Surprise resignation roils Wisconsin GOP
For the Kenosha County Republican Party, 2022 looked like something of a banner year.

In April’s ostensibly nonpartisan elections, candidates with direct Republican connections and financial support won the race for county executive and a majority on the Kenosha County Board of Supervisors. The de facto GOP board majority went on to enact a controversial measure ending a blanket ban on weapons in county buildings, among other policies.

The county board also voted to put an advisory referendum on the November ballot declaring the county a “Second Amendment sanctuary” — an attempt to nullify enforcement of gun control laws. The referendum passed by a margin of more than 3 percentage points.

A key activist in getting those measures through was Kenosha County Board member Erin Decker. The conservative owner of a graphic arts design business from western Kenosha County went from being part of a vocal minority on the board to its vice chair after the April election. Decker also has served as chair of the Republican Party of Kenosha County’s board of directors for several years.

The party’s success in the nonpartisan April election and in passing the gun sanctuary referendum was tempered somewhat in November’s partisan election.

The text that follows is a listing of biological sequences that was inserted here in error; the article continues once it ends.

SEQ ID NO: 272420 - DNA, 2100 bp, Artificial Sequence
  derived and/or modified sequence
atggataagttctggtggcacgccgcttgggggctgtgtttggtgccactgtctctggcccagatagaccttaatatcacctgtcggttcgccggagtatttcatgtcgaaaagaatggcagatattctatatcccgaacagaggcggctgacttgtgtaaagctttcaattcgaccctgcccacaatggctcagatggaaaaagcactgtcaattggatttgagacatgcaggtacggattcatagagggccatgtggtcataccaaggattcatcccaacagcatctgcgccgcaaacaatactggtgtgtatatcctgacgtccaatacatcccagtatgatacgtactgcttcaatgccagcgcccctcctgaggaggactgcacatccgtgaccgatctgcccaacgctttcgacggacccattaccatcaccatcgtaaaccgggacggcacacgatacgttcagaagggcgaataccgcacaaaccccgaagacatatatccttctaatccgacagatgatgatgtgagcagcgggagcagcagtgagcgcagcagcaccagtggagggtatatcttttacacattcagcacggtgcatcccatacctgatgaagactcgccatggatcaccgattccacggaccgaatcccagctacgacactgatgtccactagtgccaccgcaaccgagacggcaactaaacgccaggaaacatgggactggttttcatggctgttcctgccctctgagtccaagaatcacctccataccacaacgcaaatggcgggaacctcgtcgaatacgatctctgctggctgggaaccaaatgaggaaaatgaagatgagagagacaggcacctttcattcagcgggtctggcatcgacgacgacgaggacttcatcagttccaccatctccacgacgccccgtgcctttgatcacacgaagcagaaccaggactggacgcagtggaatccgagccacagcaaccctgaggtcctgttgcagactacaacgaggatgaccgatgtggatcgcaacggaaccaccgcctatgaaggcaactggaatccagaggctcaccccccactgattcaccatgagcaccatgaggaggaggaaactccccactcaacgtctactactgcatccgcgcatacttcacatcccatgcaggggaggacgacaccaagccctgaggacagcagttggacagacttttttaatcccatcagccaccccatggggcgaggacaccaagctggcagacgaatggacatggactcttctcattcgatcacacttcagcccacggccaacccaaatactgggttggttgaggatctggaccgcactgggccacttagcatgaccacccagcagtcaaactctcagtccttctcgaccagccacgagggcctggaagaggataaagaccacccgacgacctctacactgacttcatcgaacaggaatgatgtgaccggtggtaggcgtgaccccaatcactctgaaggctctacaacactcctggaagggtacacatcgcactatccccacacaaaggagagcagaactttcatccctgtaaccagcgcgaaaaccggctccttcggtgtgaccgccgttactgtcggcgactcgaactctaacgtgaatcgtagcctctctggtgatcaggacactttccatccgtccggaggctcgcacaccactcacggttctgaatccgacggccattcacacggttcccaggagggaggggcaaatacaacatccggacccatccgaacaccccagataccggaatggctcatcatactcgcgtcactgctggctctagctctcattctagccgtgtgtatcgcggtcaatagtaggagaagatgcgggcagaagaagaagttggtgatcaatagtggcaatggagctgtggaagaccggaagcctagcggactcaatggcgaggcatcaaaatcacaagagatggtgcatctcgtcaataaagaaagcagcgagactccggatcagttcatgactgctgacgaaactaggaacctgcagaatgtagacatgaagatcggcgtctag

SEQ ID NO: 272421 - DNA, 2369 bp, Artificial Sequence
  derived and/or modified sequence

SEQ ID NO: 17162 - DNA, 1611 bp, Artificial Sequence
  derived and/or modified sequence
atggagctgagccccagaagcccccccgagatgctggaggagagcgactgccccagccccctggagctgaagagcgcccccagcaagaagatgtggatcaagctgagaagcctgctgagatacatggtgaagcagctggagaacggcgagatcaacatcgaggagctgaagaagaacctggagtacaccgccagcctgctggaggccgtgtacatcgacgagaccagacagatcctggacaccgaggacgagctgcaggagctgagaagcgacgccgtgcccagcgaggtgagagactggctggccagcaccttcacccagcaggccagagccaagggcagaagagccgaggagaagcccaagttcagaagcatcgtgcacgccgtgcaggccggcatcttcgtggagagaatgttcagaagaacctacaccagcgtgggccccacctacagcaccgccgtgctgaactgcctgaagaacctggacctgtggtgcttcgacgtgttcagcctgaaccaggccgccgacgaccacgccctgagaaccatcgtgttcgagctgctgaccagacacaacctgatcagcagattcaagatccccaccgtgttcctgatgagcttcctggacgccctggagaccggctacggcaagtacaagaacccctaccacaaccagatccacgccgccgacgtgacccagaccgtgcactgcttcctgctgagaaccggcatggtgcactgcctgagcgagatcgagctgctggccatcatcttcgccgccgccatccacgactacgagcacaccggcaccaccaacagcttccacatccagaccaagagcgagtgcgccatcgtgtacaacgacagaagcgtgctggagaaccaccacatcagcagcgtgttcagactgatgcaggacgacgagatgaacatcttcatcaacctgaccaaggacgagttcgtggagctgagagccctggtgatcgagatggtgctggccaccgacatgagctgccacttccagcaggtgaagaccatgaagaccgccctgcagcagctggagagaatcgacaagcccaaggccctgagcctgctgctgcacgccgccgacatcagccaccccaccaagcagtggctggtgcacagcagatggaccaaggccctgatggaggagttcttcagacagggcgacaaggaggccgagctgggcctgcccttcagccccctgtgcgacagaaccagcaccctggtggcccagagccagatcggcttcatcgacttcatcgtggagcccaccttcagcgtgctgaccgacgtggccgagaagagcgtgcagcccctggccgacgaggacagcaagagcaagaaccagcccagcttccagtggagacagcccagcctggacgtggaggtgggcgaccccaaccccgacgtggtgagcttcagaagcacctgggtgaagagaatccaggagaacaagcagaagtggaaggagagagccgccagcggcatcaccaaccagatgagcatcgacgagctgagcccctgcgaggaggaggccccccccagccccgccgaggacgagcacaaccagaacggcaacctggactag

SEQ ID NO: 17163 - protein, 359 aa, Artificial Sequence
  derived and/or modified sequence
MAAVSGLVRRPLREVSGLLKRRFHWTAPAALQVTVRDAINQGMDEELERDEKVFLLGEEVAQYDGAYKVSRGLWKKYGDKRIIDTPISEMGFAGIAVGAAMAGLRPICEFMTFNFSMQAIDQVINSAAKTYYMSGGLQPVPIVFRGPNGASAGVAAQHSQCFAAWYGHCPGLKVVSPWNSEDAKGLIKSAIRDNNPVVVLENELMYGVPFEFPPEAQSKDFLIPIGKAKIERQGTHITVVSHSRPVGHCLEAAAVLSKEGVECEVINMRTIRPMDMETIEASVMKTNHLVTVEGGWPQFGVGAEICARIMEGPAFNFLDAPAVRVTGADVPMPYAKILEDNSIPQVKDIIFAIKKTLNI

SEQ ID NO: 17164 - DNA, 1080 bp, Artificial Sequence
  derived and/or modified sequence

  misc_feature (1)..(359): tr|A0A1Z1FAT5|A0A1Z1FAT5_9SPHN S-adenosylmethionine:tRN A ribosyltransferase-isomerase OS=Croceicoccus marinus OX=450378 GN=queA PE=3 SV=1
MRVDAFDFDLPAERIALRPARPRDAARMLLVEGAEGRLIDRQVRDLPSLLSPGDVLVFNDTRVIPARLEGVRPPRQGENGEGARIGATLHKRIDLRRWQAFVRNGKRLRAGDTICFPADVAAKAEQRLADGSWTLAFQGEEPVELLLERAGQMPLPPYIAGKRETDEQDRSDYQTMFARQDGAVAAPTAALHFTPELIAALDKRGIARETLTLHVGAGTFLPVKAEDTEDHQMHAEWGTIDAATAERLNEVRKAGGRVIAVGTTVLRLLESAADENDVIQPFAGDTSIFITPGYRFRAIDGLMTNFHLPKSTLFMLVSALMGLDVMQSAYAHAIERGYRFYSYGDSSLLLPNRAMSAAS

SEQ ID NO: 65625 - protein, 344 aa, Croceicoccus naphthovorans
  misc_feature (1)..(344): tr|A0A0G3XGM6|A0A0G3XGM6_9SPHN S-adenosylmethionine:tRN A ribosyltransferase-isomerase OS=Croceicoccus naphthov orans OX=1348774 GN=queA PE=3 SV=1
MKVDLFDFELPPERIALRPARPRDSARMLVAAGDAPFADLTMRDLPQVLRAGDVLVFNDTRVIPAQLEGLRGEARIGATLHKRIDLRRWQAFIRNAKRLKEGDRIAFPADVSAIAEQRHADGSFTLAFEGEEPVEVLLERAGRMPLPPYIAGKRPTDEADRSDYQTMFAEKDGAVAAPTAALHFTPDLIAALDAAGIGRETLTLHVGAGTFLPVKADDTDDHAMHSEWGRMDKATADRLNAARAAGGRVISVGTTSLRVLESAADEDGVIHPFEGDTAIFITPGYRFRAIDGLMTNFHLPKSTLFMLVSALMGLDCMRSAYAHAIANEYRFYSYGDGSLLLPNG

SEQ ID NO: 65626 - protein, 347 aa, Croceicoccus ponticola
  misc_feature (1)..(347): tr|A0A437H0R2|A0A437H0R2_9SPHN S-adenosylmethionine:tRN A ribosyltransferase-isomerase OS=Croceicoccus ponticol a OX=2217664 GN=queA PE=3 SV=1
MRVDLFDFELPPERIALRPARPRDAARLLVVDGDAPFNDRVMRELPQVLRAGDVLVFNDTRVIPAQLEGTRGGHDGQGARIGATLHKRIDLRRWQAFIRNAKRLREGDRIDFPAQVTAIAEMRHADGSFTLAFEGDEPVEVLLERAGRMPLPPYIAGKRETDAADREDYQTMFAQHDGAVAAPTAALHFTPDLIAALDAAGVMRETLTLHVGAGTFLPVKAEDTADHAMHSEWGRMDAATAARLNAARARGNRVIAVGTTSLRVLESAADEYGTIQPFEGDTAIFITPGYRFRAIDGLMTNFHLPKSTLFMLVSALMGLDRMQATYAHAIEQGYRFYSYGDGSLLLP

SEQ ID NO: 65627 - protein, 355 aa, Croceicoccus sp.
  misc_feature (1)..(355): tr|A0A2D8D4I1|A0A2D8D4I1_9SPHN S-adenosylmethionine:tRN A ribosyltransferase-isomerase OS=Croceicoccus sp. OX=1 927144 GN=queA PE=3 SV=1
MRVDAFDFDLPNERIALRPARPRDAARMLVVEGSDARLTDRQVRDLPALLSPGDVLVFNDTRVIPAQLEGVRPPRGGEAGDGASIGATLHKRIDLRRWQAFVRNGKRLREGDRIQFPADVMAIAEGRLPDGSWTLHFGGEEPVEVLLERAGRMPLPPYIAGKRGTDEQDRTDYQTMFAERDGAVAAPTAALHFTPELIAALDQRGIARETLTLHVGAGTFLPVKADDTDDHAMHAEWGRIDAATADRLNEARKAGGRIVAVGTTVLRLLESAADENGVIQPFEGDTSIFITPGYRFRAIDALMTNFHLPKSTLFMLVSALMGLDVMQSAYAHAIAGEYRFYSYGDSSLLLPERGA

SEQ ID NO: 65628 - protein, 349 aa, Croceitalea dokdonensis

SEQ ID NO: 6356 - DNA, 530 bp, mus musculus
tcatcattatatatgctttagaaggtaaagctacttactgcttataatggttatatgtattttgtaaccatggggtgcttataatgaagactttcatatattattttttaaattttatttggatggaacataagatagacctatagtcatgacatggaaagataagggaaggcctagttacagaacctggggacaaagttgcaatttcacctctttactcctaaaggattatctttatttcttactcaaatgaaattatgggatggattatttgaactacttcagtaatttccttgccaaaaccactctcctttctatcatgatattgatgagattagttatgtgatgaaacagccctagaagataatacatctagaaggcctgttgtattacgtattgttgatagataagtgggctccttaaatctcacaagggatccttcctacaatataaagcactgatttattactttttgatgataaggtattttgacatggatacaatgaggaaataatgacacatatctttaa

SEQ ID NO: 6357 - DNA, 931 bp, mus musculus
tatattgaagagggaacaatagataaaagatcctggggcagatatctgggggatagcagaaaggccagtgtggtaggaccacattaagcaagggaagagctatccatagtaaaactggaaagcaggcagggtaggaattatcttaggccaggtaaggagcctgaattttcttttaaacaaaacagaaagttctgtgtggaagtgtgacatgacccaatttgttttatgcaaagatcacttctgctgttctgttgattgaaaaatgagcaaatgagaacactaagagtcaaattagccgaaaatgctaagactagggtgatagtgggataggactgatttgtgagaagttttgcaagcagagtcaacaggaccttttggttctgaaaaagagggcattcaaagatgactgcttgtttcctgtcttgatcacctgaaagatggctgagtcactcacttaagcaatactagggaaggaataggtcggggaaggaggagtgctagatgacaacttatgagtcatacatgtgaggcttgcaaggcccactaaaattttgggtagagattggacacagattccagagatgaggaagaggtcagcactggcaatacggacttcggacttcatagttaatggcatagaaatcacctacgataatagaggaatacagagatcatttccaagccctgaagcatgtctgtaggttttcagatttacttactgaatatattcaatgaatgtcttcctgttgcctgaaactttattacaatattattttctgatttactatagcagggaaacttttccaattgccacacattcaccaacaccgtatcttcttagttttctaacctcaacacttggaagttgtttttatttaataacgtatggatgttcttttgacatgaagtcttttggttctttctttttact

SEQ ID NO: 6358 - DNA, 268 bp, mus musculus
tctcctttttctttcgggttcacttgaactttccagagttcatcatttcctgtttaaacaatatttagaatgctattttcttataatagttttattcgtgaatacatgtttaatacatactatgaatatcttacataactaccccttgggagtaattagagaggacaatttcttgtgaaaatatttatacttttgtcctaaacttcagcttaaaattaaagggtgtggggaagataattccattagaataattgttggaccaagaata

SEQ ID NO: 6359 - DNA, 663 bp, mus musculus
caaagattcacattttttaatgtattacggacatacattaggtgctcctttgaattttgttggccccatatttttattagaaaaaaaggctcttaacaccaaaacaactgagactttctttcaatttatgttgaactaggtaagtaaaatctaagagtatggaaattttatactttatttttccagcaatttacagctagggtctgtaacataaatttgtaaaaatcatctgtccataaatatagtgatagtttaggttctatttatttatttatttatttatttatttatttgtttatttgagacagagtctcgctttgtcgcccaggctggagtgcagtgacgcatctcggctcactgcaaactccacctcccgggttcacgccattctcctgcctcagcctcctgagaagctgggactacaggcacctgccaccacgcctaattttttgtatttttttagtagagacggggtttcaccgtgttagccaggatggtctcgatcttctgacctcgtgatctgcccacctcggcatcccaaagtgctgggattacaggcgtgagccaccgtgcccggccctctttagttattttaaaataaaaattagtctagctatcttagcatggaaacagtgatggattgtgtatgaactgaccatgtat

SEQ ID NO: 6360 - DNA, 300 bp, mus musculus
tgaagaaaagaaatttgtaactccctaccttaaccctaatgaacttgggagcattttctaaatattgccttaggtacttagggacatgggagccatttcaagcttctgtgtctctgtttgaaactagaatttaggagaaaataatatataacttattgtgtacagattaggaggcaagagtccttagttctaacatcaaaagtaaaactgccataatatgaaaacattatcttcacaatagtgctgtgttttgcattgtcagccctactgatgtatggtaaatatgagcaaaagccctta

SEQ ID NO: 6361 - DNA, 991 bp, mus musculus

Republicans carried the county, which had a history of favoring Democrats, in the races for governor, U.S. Senate and Congress. Republicans also won the races to replace GOP incumbents who stepped down in a rural Assembly seat and the county sheriff’s office. At the same time, however, the GOP fell short in challenges to the city of Kenosha’s two Democratic Assembly members and to the Democratic circuit court clerk.

Nevertheless, it came as a surprise in the days after Nov. 8 when Decker and five other county party leaders abruptly quit.

The mass resignations came on the heels of a settlement in a defamation suit filed against Decker for a post that she had put on the party’s Facebook page in 2020. As part of the settlement, Decker agreed to pay $10,000 to Joe Clark, a Kenosha accountant, former Kenosha County Board member and member of the board of a local health clinic serving low-income and uninsured patients.

According to financial reports the county GOP filed with the Wisconsin Ethics Commission, the party paid $23,566 — more than twice the amount of the settlement — to lawyers hired to defend Decker and other party board members from Clark’s lawsuit. All of the defendants except Decker were ultimately dismissed from the suit.

Sandy Wiedmeyer, who became party chair in December, told the Wisconsin Examiner in a phone interview that she and other party activists were unaware of the legal bill that the party had racked up in the case until Decker resigned.

“Much of the membership wasn’t aware of the lawsuit and … the money that was spent towards that lawsuit,” said Wiedmeyer, who describes herself as a long-time grassroots activist in the county GOP. “I was surprised [by the defense costs]. I wasn’t aware,” she added.

As a result, she listed “building trust among our membership” and being “transparent” in the party’s operations as the top task internally for the new party board.